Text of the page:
New Ways to Fight the Next Superstorm
In his new book The Well-Tempered City, Jonathan Rose puts forth some intriguing solutions that involve using the power of nature to harness the destruction that heavy rains and flooding can bring to our urban areas. His provocative book is a must-read for politicians, urban planners, business leaders and anyone else who’s worried about the future of our cities.
“What’s so compelling about natural systems solutions is that they not only save costs but also improve the quality of life,” Rose argues. “Urban neighborhoods that have trees can be six degrees cooler, increase real estate value and thus generate more city tax revenue.”
About Jonathan Rose
Recognized for creating communities that literally heal both residents and neighborhoods, Rose is one of the leading thinkers in the United States on the integration of environmental, social, and economic solutions to urban development issues facing the country today.
Rose’s work as founder of investment, development, and urban planning firm Jonathan Rose Companies has received awards from The Urban Land Institute, The American Institute of Architects, The American Planning Association, The National Trust for Historic Preservation, and many others.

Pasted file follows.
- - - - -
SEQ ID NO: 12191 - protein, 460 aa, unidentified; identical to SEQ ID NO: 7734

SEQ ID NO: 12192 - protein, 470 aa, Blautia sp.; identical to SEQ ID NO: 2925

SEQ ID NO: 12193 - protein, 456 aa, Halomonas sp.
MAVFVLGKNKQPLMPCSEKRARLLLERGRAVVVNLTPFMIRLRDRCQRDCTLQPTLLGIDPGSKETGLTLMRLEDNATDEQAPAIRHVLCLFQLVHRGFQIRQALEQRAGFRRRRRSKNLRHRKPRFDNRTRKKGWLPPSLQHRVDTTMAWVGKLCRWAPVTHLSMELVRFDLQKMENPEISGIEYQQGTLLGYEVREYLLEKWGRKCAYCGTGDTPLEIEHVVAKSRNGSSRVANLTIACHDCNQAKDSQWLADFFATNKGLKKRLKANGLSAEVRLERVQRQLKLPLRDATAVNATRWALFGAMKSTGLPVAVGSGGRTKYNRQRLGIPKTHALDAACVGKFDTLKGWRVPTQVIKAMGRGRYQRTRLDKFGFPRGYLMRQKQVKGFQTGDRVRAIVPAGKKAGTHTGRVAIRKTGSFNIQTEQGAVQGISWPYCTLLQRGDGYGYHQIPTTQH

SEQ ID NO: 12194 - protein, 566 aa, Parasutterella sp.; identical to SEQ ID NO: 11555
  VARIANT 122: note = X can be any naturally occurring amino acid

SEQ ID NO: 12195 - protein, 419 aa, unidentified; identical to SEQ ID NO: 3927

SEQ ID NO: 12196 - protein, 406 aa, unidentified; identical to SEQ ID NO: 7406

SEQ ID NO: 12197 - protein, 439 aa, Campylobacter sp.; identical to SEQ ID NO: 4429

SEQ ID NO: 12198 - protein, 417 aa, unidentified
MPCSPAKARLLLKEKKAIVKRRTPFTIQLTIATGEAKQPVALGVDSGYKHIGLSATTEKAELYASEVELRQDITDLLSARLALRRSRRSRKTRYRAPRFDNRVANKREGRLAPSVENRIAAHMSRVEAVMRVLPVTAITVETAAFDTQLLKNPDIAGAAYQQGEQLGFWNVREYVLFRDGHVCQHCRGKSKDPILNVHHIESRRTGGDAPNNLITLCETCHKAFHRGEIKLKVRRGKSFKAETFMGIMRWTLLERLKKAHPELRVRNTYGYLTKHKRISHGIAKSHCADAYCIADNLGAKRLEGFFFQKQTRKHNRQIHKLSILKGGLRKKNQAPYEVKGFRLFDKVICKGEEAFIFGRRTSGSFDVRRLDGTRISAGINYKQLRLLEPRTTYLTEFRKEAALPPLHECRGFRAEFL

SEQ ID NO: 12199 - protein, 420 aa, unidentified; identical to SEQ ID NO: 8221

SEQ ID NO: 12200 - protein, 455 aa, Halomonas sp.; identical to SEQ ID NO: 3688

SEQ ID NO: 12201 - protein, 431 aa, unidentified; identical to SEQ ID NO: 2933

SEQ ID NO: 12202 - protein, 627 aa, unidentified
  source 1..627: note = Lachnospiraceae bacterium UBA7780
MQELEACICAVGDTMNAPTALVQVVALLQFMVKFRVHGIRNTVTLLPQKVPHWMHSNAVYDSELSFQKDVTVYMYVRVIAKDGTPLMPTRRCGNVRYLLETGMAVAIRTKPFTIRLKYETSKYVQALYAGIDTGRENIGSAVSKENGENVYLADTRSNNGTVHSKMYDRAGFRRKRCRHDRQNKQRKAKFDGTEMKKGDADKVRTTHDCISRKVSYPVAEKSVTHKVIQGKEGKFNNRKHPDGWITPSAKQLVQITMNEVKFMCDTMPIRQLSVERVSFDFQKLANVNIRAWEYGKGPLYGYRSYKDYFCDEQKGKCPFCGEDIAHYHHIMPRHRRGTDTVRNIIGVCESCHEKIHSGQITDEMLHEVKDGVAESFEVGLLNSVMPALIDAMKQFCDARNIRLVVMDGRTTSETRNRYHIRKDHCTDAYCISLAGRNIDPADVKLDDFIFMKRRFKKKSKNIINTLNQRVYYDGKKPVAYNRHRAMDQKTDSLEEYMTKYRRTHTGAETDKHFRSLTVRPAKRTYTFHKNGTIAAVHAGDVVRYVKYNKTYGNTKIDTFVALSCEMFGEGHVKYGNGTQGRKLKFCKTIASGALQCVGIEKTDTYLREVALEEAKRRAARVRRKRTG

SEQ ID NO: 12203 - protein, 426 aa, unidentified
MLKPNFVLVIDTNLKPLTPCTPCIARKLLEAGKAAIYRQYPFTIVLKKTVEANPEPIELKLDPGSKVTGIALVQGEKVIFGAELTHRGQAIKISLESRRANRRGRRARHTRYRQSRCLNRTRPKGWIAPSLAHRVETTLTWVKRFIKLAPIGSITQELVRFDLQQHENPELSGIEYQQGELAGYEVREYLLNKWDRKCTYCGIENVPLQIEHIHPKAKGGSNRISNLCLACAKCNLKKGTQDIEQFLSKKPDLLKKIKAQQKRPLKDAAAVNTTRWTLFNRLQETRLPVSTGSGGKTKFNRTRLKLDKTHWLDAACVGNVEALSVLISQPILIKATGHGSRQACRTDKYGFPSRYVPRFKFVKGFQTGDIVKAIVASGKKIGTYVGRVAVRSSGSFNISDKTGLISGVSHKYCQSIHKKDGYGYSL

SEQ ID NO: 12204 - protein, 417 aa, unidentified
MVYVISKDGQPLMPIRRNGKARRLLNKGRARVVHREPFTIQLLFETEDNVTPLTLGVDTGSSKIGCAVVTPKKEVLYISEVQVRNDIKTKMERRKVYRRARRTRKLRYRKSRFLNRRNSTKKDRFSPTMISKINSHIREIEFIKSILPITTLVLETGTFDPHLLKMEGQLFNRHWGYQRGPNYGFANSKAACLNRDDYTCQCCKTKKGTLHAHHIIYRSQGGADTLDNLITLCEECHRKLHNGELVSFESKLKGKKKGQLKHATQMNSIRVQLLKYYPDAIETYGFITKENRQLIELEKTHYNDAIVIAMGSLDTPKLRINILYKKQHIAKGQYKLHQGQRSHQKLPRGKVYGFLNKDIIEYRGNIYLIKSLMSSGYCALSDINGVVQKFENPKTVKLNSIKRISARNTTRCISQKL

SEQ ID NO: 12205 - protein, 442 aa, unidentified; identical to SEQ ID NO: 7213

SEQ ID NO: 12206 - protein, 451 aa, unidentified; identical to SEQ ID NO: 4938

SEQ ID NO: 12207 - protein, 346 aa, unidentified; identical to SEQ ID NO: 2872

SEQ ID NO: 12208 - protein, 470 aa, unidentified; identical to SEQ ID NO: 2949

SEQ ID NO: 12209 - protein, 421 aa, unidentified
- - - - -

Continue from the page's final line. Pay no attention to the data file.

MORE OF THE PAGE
In The Well-Tempered City, Jonathan F. P. Rose—the man who “repairs the fabric of cities”—distills a lifetime of interdisciplinary research and firsthand experience into a five-pronged model for how to design and reshape our cities with the goal of equalizing their landscape of opportunity.
Drawing from the musical concept of “temperament” as a way to achieve harmony, Rose argues that well-tempered cities can be infused with systems that bend the arc of their development toward equality, resilience, adaptability, well-being, and the ever-unfolding harmony between civilization and nature.
These goals may never be fully achieved, but our cities will be richer and happier if we aspire to them, and if we infuse our every plan and constructive step with this intention.
To Learn More:
Download America Needs New Ways to Fight the Next Superstorm to read the complete article written by Brian Dumaine in Forbes Magazine.